The Holiday Blues

Written by: Jennifer, Information and Referral Specialist

     The holidays can be a joyous time filled with loved ones, gifts, and memories. It is a time that brings people together and it fills the air with altruism. The weather is cool, homes are cozy, and vacation time is just around the corner. There is usually a positive connotation surrounding the holidays, but many of us know that the holidays are not always as cheery as they should be.

     Affording gifts, coordinating travel, family drama, and so much more can attribute to the stress that is associated with the holidays. Even grief seems to be exacerbated during this time, making the holiday blues even worse. However, there are some tips and tricks provided by Psych Central that you can use to try and combat that yuletide sadness.

  • Remember that you do not need to strive for perfection! This notion that every detail, gift, and meal has to be executed perfectly is a big cause of stress for individuals, but it is not necessary. The holidays are about goodwill and togetherness!
  • Do not be afraid to address the grief that you are feeling. Ignoring it can lead to depression and you deserve to be able to express your feelings!
  • Stress can take its toll on your mind and body; so if you are feeling the pressure, take time to allow yourself to decompress. This rejuvenation will reset your body and you will have the energy you need to get things done.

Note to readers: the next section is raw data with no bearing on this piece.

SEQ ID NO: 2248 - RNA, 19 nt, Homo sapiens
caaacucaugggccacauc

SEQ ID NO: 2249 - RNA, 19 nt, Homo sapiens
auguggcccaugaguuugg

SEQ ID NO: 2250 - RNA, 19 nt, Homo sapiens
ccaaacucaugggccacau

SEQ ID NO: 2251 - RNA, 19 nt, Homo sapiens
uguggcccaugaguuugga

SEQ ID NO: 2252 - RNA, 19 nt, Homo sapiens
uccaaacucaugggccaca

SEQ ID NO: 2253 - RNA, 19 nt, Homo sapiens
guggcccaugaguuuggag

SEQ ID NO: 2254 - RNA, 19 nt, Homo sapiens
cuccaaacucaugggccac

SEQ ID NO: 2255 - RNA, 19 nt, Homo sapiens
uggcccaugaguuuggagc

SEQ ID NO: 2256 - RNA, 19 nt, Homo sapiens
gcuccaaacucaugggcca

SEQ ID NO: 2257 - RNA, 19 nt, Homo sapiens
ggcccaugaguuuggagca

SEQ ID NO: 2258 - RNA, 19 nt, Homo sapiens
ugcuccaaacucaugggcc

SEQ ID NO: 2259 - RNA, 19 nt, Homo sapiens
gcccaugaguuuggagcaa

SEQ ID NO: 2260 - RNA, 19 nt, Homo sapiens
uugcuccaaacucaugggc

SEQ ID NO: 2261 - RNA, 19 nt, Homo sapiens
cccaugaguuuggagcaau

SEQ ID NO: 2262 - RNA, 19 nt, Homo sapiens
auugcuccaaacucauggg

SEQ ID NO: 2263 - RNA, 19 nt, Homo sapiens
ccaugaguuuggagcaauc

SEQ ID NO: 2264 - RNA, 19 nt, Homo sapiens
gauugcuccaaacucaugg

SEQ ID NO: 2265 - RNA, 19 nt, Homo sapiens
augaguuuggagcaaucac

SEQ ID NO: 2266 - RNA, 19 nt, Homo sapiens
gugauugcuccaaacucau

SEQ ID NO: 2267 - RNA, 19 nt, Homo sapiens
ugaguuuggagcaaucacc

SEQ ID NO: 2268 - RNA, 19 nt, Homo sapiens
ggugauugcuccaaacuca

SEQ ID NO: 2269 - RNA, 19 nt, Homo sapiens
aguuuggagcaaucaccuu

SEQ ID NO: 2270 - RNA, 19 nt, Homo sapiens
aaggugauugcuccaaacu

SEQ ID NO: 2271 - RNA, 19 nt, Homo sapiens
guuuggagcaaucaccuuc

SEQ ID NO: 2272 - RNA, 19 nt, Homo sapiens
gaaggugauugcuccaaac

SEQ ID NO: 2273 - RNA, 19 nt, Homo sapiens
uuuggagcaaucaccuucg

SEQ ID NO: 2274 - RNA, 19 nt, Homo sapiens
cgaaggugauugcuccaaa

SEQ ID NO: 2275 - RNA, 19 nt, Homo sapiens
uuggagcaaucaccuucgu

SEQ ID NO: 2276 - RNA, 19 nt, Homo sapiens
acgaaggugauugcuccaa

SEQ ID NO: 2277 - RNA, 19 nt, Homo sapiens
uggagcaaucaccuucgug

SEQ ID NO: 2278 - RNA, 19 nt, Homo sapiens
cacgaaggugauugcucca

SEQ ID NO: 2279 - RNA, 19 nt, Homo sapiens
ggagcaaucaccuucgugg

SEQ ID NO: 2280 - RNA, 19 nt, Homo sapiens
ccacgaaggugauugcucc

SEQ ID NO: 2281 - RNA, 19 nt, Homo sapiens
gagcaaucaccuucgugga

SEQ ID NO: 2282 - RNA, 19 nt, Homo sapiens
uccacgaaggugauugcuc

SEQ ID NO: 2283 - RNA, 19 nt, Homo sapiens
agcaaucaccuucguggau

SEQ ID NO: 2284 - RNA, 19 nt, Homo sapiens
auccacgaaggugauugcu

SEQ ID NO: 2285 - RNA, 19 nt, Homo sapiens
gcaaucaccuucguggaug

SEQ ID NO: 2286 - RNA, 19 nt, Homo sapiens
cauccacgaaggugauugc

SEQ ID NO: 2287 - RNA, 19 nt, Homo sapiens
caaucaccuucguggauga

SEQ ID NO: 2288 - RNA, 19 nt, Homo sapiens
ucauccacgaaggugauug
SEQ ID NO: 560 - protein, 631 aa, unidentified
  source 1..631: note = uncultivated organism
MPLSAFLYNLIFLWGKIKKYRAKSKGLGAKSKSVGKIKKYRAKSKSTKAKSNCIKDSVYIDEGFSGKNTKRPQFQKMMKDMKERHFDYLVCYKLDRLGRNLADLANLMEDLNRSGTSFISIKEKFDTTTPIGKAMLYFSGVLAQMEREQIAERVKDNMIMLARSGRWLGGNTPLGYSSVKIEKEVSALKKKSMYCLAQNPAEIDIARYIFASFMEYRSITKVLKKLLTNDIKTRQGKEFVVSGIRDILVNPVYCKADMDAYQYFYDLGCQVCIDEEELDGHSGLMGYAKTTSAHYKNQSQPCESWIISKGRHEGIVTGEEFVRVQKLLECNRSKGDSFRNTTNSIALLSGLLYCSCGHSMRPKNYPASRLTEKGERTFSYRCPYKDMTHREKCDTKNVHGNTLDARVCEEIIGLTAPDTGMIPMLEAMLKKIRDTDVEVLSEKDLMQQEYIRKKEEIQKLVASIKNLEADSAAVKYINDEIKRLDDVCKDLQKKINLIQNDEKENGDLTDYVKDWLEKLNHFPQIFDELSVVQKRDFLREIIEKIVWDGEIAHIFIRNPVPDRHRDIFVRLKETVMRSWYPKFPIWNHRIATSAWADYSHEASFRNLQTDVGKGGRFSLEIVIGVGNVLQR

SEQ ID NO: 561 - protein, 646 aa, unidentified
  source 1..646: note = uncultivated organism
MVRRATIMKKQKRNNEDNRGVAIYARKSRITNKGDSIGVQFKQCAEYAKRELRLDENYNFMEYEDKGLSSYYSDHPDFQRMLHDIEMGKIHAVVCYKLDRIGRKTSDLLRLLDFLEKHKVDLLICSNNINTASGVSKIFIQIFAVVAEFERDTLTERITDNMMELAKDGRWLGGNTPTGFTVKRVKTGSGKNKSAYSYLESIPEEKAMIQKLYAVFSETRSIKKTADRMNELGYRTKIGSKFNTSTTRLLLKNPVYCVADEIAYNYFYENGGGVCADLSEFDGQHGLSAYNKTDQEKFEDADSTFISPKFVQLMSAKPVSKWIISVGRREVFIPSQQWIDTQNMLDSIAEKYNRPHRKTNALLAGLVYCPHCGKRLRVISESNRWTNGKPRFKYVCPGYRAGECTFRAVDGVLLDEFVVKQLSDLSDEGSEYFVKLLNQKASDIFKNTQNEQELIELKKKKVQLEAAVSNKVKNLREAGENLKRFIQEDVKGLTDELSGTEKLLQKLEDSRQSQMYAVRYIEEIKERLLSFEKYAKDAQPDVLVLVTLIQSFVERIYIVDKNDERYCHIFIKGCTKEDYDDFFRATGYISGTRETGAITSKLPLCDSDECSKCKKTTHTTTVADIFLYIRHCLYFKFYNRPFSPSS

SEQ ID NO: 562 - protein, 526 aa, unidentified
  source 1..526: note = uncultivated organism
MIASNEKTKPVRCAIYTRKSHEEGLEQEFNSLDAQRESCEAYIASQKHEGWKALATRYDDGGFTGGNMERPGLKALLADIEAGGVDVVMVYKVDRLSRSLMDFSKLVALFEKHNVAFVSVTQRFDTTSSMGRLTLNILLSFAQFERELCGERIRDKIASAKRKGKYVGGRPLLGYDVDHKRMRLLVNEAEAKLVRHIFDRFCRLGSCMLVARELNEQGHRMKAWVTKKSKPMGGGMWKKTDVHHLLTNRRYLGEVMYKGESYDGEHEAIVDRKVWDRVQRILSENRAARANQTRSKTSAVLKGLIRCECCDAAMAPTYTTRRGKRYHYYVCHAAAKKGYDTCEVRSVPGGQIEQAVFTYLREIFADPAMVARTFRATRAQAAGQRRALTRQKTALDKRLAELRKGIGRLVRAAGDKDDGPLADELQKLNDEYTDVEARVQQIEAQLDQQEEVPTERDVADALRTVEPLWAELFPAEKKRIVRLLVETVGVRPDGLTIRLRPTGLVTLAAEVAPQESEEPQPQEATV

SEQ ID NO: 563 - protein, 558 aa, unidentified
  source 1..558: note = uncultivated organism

• Ask for help! No one said you have to do everything during the holidays. Divvy out responsibilities to those around you and enjoy the teamwork.
  • Plan out your holidays in advance if possible. This will reduce your stress associated with uncertainty and it allows you organize time.
  • Stay warm! Studies show that warmth can improve your mood. So, if you are finding yourself feeling a little down, take a warm bath, drink some hot chocolate, or snuggle up next to the fire place.
  • Lastly, try not to isolate yourself. Loneliness can also cause depression, so try and surround yourself with others. Volunteer your time or reach out to someone else that you know who does not have any holiday plans.

     This season can be difficult, but that does not mean it has to be terrible. As long as you keep self-care in the forefront of your mind, you can handle anything that the holidays might try and throw at you. If you find that self-care is not enough, feel free to reach out to services available to you.

National Suicide Prevention Hotline: 1-800-273-8255

SAMHSA’s National Helpline: 1-800-662-4357

Washington State Crime Victim Service Center Hotline: 1-888-288-9221